A Stanford study published late last month found that if your doctor buys a magnetic resonance imaging (MRI) machine, you’re more likely to get an MRI scan for lower back pain. If you go to an orthopedic surgeon, you’re also more likely to get surgery. These procedures are often not helpful to patients and can drive up healthcare costs.
“One of the major reasons why healthcare expenditures are rising is because we’re using technology such as advanced imaging such as MRIs too much,” said Jacqueline Shreibati M.S. ’09 M.D. ’10, a resident in internal medicine at Stanford and the chief investigator on the study. “We wanted to demonstrate that there is not only increased use of MRIs, but also that this increased use of MRI could lead to something called a treatment cascade, where patients can receive subsequent procedures which are of low value to the patient and that can also drive up healthcare expenditures.”
Shreibati looked at Medicare data for patients with non-specific back pain — that is, back pain without a specified diagnosis like a herniated disk or spinal stenosis. Surgery does not generally benefit this type of back pain and, in best practice, should not be prescribed.
She looked at patients seen by both primary care physicians and orthopedic surgeons for the problem. Both types of practitioners recommended more MRIs for the back pain after acquiring their own MRI machine than they did before.
Shreibati calls that problem “physician self-referral.” Since the doctor can bill for the procedure he’s recommending, he has the incentive to prescribe it, even when it’s unnecessary.
Study co-author Laurence Baker, who is also a professor of health research and policy, said there is the additional problem of efficiency and scale when private or clinic physicians buy these machines, since there is a smaller population that uses them than in a large hospital setting. He thinks the method of paying doctors leads to this wasteful situation.
“I think the payment system that we have should be reformed so that we don’t encourage a lot of purchase of this equipment in physician offices,” he said. “We should keep them in places where there is a larger population of patients and where physicians themselves don’t develop a direct financial benefit from ordering these services.”
Shreibati then addressed the question of how increased imaging affects the surgeries of patients with lower back pain. Using a two-step mathematical model, she determined that more frequent imaging after acquiring the MRI machine increased surgeries among patients of orthopedic surgeons by almost a third. For primary care doctors, there was no statistically significant relationship.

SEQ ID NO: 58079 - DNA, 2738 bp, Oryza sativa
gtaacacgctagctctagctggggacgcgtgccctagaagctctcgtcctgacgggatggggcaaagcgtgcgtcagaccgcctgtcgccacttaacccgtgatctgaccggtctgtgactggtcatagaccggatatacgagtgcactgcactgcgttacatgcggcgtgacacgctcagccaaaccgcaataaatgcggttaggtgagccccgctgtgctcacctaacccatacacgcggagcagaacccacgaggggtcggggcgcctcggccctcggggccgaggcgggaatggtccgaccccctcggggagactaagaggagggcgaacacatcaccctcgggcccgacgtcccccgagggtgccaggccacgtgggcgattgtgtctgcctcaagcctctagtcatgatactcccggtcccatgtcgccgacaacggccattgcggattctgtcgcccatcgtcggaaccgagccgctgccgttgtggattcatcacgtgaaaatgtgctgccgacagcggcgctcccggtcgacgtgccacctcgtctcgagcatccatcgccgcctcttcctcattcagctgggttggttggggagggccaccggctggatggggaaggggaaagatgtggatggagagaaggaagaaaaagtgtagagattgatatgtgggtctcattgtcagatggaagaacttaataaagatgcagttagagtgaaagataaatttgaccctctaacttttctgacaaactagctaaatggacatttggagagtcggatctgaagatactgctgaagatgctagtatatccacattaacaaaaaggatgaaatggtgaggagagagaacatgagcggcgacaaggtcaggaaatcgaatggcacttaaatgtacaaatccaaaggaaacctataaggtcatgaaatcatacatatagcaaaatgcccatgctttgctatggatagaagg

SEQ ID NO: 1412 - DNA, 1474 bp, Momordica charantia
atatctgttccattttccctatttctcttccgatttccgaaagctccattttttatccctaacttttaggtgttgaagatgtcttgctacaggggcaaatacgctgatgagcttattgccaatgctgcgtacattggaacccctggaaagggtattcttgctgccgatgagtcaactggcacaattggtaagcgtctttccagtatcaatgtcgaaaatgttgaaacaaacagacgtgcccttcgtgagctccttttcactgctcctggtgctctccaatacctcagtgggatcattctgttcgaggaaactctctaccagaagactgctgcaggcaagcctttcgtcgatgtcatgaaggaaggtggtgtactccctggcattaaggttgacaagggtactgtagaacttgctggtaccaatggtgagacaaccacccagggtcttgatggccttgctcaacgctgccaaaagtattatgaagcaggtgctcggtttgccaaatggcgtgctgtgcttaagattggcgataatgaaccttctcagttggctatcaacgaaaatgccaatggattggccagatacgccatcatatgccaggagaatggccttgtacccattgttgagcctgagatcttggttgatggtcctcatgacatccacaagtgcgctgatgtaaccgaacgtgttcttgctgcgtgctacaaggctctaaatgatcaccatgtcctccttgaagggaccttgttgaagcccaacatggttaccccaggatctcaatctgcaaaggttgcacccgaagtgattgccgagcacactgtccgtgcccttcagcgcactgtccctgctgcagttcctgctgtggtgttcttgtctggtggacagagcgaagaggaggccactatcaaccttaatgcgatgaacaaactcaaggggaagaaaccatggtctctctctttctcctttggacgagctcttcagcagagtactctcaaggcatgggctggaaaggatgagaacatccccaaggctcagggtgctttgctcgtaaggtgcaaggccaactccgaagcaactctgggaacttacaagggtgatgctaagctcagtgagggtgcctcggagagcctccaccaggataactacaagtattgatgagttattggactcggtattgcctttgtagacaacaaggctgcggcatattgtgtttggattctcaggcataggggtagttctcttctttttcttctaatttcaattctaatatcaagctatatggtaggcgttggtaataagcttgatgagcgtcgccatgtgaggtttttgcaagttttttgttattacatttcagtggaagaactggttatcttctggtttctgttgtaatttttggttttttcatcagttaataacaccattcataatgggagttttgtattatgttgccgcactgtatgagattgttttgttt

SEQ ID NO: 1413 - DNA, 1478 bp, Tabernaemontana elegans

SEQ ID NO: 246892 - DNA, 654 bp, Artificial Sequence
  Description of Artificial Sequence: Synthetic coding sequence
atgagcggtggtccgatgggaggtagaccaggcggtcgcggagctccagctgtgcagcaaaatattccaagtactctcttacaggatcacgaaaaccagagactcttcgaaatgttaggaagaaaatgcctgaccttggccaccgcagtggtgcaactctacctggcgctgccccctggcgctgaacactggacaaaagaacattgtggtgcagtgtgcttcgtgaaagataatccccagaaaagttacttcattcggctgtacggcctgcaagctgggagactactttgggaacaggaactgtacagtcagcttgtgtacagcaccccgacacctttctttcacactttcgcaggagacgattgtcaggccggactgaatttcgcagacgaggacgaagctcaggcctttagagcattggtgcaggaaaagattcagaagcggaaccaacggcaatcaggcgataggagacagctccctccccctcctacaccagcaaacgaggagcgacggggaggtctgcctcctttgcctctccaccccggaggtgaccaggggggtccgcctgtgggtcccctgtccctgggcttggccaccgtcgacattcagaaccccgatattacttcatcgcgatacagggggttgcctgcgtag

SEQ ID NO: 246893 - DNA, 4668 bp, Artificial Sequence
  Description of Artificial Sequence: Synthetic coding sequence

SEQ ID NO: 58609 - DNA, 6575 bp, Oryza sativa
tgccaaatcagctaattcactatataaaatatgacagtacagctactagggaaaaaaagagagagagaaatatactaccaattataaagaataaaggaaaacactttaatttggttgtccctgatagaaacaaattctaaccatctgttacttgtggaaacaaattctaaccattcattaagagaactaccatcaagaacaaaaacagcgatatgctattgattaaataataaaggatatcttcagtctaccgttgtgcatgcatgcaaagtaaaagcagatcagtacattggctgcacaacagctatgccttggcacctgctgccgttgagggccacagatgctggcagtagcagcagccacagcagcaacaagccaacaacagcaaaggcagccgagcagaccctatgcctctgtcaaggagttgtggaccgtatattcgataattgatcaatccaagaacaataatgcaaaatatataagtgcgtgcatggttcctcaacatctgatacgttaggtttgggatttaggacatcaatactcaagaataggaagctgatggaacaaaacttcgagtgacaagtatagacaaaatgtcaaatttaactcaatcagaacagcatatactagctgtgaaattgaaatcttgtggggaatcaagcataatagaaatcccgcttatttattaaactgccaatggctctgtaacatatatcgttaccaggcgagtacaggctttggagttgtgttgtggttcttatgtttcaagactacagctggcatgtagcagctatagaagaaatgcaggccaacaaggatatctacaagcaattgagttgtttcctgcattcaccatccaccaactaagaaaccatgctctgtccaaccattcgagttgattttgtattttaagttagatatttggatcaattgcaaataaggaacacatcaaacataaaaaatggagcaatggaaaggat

“We found a pretty tight relationship between an orthopedic surgeon ordering a scan and that scan leading to surgery,” Shreibati said.
She credited this relationship in part to a second level of self-referral, since the orthopedic surgeon will also do the surgery, and there is no additional physician involved.
This study adds to the literature on the current issue of cutting rising healthcare costs in the United States. Advanced technology adds significantly to treatment costs. Thus, cutting unnecessary use or reducing collateral spending could make a big difference.
“It goes to the bigger question of how efficient we can be with our technology,” Baker said. “How do evolving technologies impact not just the use of a particular type of service but overall care of patients?”
Shreibati hopes that the study reaches those who can change the payment system for advanced imaging in hopes of discouraging overuse.
“[The study] was aimed at a policy audience to demonstrate that there should be some caution when there is unrestrained use of MRIs, because it not only drives up healthcare expenditures in and of itself, but it can lead to increased downstream healthcare expenditures,” she said. “It’s reinforcing the importance of finding ways to restrict the use of advanced imaging.”
Medicare has already reduced the payment for MRI scans. In the face of rising costs, Baker thinks that private companies may do so as well. Both Shreibati and Baker hope that changed economic incentives for owning advanced imaging technology as a physician will play some part in the nationwide effort to reduce healthcare spending.